Monday, 11 February 2013

Cambodia Medical Voluntour Pt5


This clinic was a hard clinic.  Everyone was tired and hot and grumpy, and we had a few off sick.  This clinic was also both sad and happy.  I have mentioned in previous blogs about village relocation.  In this one I am going to tell you what I learned from Kevin Knight.  He lives in this village with the locals and has done a lot of hard work to help build what they have. 

Prior to the clinic being opened  he sat us all down and spoke to us about how the Village came to be.  Before that though I need to tell you a bit of history (as I heard it from Kevin).

When Pol Pot was in control of Cambodia he destroyed all documentation including land titles.  After the war, people settled where they could.  When larger banks started to reinvest in Cambodia they told the Government that land titles were needed again.  From what I understand, if you could prove that you have lived where you are for more than 5 years then the land would be considered yours.  Of course this can be hard for many of the poor.  Even those that could proove it were and are not guaranteed the land is theirs.  Especially if it is on prime real estated that foreign investors have an interest in.

Some of the people in this Village were in a similar situation.  They were in negotiation over the land for a measly sum of $15,000.  The land is apparently worth $44 million.  In the middle of the night, bulldozers and police came to evict them and no money was given.  Kevin was there and he broke down as he remembered that night. Children screaming in the streets, people running to get what little posessions they had.  They were then dumped 20km out of Phnom Penh in a field. Some, but not all were give minimal shelter.  There was no access to work, medical help, and schools.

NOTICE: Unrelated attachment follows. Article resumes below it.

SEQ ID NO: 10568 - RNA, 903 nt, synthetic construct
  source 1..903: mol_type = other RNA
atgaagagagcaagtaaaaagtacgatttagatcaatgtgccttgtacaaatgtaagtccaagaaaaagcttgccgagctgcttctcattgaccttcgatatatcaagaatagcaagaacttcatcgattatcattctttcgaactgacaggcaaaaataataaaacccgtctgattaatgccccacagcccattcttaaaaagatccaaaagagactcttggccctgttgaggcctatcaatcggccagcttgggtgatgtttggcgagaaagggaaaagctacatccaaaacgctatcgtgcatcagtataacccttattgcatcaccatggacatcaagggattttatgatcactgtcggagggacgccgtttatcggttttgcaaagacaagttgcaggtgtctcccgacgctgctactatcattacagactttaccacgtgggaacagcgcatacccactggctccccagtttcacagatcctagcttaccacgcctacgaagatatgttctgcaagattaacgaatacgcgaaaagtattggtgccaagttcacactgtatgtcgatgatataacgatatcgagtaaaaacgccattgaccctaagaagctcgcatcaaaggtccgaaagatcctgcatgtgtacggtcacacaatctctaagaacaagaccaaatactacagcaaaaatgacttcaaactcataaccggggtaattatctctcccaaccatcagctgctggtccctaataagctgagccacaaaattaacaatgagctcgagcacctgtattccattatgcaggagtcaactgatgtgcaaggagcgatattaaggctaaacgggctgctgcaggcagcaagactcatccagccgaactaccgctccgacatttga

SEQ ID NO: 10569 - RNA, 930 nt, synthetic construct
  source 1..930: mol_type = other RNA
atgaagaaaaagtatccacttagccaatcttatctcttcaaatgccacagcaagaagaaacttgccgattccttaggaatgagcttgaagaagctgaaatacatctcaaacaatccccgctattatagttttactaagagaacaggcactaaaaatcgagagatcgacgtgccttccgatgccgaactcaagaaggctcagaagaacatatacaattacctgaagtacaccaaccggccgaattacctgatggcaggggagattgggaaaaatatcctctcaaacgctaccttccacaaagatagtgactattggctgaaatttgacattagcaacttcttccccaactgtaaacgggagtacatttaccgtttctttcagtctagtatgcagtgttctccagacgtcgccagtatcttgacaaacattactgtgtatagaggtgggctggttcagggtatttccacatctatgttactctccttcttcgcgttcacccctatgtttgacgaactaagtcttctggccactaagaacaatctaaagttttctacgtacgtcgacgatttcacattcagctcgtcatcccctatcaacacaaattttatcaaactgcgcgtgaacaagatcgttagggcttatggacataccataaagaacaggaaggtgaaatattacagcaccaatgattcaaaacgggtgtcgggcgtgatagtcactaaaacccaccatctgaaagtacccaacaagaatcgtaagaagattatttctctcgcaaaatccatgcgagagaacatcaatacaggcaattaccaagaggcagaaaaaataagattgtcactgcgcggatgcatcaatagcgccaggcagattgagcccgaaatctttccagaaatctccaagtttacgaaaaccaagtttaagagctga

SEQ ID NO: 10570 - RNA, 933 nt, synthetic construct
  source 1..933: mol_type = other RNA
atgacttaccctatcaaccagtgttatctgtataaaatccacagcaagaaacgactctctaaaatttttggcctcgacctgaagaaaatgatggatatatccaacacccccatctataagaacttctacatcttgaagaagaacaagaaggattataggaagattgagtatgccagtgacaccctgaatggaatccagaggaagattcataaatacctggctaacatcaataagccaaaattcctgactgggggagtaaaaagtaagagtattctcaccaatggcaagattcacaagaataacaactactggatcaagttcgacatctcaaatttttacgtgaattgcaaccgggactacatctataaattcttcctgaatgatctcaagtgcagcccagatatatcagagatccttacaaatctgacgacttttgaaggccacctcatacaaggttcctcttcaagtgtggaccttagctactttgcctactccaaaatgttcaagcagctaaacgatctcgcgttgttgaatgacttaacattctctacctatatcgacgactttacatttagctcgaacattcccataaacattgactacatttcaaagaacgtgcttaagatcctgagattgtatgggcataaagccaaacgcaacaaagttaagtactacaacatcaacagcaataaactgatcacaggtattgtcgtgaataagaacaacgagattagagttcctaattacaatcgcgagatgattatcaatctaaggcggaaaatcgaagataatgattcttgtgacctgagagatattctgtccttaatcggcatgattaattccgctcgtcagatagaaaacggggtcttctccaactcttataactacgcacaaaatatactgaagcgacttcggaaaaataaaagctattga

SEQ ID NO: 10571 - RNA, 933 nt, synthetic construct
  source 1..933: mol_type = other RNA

Kevin is the co founder of Mannah4Life.  Through donations they have been able to buy plots of land in the area the villagers were dumped.  They have built homes and a school.  They have a farm set up where they raise chickens and grow food. 

I asked what was to stop the government from doing the same thing again as many of these people had been relocated up to 3 times.  He said that there wasn't.  Even with the fact that they had bought land and had the paperwork that there was no guarantee.  The only benefit is that it is so far out of the city that it is not worth anything to them. 

When I was in Cambodia in 2009 they had just closed down the tip.  I believe the new tip is close to this Village now.  While we were running the clinic, huge rubbish trucks came through regularly.  The road is not wide and there are kids running everywhere.  These trucks do not seem to slow down (or so it felt from inside).

Before I go on about our visit please take time to watch the below video as well as take a look at the Mannah4Life website here:

This video appears to be a combination of many recordings on the day. It is worth watching through to the end. 

Please note that in order to go on this trip every person needed to raise $1000.  This was to help with medical supplies, visits to hospital if required, and to purchase land.  I think we purchase 4 blocks of land for this village.